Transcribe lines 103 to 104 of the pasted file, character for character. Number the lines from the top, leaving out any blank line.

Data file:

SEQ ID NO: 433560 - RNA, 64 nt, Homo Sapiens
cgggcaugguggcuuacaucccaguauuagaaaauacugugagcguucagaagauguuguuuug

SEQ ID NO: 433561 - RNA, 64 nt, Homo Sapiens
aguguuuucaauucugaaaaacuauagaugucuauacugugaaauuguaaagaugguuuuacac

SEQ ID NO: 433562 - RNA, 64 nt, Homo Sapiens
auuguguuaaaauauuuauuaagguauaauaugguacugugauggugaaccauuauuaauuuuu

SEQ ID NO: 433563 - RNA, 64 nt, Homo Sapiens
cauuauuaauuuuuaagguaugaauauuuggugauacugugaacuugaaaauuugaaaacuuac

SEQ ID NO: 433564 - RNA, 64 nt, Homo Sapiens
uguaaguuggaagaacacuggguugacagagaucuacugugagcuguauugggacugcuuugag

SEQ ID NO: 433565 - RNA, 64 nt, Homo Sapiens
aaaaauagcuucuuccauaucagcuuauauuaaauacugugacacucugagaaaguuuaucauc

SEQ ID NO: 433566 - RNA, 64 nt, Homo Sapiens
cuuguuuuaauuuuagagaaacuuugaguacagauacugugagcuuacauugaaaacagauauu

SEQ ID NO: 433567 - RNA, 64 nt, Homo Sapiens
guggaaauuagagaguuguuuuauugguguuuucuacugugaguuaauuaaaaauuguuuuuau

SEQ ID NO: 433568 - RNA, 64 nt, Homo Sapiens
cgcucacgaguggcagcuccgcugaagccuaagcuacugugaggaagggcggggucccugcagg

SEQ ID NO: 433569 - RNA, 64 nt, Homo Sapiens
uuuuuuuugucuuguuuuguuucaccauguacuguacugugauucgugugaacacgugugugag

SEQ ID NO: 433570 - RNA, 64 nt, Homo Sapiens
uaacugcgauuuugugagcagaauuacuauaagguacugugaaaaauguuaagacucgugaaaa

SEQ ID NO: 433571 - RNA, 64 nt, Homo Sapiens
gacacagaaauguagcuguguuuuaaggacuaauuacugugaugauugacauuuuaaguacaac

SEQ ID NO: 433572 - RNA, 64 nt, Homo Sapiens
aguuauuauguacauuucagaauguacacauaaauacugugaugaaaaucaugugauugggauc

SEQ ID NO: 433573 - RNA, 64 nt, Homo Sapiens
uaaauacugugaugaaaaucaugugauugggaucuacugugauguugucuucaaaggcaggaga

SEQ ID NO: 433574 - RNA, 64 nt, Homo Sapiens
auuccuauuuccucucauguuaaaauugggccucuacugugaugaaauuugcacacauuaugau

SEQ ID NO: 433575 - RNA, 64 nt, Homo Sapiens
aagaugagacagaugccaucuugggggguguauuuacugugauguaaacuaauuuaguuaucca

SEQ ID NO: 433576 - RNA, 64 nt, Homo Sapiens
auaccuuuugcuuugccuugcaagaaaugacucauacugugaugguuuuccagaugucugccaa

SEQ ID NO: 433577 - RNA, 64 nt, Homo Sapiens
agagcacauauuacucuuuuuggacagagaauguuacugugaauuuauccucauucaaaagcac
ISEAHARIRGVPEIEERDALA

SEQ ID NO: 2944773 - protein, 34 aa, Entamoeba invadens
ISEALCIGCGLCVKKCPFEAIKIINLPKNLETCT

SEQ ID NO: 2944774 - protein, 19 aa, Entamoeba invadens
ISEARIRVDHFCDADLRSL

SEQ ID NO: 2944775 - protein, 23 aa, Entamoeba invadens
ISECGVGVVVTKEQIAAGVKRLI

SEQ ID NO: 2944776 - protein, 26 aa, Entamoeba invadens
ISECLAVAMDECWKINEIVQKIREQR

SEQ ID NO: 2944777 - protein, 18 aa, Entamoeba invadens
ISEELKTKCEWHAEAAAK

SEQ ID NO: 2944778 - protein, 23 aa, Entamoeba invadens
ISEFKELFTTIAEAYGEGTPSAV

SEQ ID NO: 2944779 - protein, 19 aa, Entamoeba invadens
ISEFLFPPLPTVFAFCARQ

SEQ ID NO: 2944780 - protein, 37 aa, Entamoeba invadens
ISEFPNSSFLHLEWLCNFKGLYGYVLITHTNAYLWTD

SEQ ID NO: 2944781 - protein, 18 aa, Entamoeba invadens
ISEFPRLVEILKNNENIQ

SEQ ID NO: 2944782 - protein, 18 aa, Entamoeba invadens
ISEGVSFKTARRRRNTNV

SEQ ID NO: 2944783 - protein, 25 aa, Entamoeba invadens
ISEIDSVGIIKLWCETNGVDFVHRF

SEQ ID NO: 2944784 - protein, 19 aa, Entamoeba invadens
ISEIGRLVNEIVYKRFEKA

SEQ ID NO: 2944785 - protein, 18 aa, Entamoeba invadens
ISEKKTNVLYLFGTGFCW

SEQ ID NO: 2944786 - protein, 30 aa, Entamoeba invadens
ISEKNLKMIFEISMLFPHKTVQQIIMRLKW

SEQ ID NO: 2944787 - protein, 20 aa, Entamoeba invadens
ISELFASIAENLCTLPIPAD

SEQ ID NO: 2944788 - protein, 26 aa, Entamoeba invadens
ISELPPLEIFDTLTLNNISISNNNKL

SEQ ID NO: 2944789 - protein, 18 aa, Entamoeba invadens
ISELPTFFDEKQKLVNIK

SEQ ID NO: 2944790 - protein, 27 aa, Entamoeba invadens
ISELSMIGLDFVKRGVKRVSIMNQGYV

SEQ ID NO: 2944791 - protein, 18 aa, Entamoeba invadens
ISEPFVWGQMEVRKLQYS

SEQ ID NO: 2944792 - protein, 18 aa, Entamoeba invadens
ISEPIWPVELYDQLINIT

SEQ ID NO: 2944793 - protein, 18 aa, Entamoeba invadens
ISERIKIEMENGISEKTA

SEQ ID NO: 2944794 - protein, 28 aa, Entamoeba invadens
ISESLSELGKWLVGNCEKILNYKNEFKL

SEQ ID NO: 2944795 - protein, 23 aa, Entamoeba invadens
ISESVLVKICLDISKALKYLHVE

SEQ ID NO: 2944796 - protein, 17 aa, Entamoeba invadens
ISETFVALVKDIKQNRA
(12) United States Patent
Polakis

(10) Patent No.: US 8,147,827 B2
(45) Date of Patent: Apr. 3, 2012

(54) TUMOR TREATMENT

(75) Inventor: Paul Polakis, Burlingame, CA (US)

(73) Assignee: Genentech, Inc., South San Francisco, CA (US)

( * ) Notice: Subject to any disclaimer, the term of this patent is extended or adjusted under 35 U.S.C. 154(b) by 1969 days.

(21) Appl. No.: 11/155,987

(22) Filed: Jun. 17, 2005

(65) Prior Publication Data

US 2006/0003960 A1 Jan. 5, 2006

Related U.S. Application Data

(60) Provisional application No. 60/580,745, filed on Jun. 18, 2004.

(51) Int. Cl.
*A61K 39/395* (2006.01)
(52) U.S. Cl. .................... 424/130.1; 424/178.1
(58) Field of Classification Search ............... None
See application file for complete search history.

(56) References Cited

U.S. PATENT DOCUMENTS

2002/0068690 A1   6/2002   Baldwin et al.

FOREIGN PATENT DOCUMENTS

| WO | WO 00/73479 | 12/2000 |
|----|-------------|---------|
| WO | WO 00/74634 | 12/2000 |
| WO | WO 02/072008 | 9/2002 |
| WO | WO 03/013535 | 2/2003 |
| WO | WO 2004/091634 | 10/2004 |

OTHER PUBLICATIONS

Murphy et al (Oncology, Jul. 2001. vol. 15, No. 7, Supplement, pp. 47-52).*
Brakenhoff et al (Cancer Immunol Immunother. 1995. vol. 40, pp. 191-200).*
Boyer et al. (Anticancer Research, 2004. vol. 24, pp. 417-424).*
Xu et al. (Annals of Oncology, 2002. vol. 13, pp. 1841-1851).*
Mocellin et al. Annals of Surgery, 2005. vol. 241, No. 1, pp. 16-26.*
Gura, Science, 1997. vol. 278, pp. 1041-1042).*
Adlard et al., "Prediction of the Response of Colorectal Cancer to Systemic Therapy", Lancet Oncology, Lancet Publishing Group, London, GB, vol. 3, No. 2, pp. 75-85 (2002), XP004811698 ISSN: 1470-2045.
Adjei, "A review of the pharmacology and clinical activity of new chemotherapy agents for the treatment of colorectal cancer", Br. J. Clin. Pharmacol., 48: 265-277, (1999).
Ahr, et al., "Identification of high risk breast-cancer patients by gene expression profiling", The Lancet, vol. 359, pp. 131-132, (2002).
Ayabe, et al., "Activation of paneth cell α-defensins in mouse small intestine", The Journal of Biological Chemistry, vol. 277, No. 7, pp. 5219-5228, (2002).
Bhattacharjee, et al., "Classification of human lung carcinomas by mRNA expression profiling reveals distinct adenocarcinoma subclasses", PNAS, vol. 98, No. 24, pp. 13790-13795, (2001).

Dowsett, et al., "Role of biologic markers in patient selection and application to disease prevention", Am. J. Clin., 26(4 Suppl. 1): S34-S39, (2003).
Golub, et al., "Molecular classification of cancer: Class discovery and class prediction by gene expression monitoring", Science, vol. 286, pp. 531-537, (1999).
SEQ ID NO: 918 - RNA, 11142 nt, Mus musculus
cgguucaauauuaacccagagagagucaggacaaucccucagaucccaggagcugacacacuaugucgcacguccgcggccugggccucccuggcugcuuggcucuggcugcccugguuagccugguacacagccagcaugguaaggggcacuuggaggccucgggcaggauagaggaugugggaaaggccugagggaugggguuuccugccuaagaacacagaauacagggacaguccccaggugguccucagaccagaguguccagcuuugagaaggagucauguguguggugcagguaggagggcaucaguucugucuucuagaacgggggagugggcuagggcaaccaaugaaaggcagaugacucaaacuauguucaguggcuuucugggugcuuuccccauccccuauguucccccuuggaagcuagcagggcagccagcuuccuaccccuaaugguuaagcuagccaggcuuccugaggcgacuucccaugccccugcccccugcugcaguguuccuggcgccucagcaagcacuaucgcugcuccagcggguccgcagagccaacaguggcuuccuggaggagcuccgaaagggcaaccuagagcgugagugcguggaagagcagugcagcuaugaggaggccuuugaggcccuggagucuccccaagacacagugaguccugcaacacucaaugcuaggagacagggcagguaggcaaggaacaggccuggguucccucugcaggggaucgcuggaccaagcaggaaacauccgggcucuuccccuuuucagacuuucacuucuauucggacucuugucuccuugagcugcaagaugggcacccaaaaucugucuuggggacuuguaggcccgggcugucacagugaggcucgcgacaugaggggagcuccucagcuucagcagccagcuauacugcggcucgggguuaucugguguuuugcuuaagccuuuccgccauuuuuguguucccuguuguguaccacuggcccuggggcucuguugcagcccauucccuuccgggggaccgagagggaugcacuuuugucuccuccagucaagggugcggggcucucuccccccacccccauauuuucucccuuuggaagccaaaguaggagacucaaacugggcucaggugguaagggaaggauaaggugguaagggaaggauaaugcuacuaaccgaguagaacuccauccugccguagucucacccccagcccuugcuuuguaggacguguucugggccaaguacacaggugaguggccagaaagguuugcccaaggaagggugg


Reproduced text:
(58) Field of Classification Search ............... None
See application file for complete search history.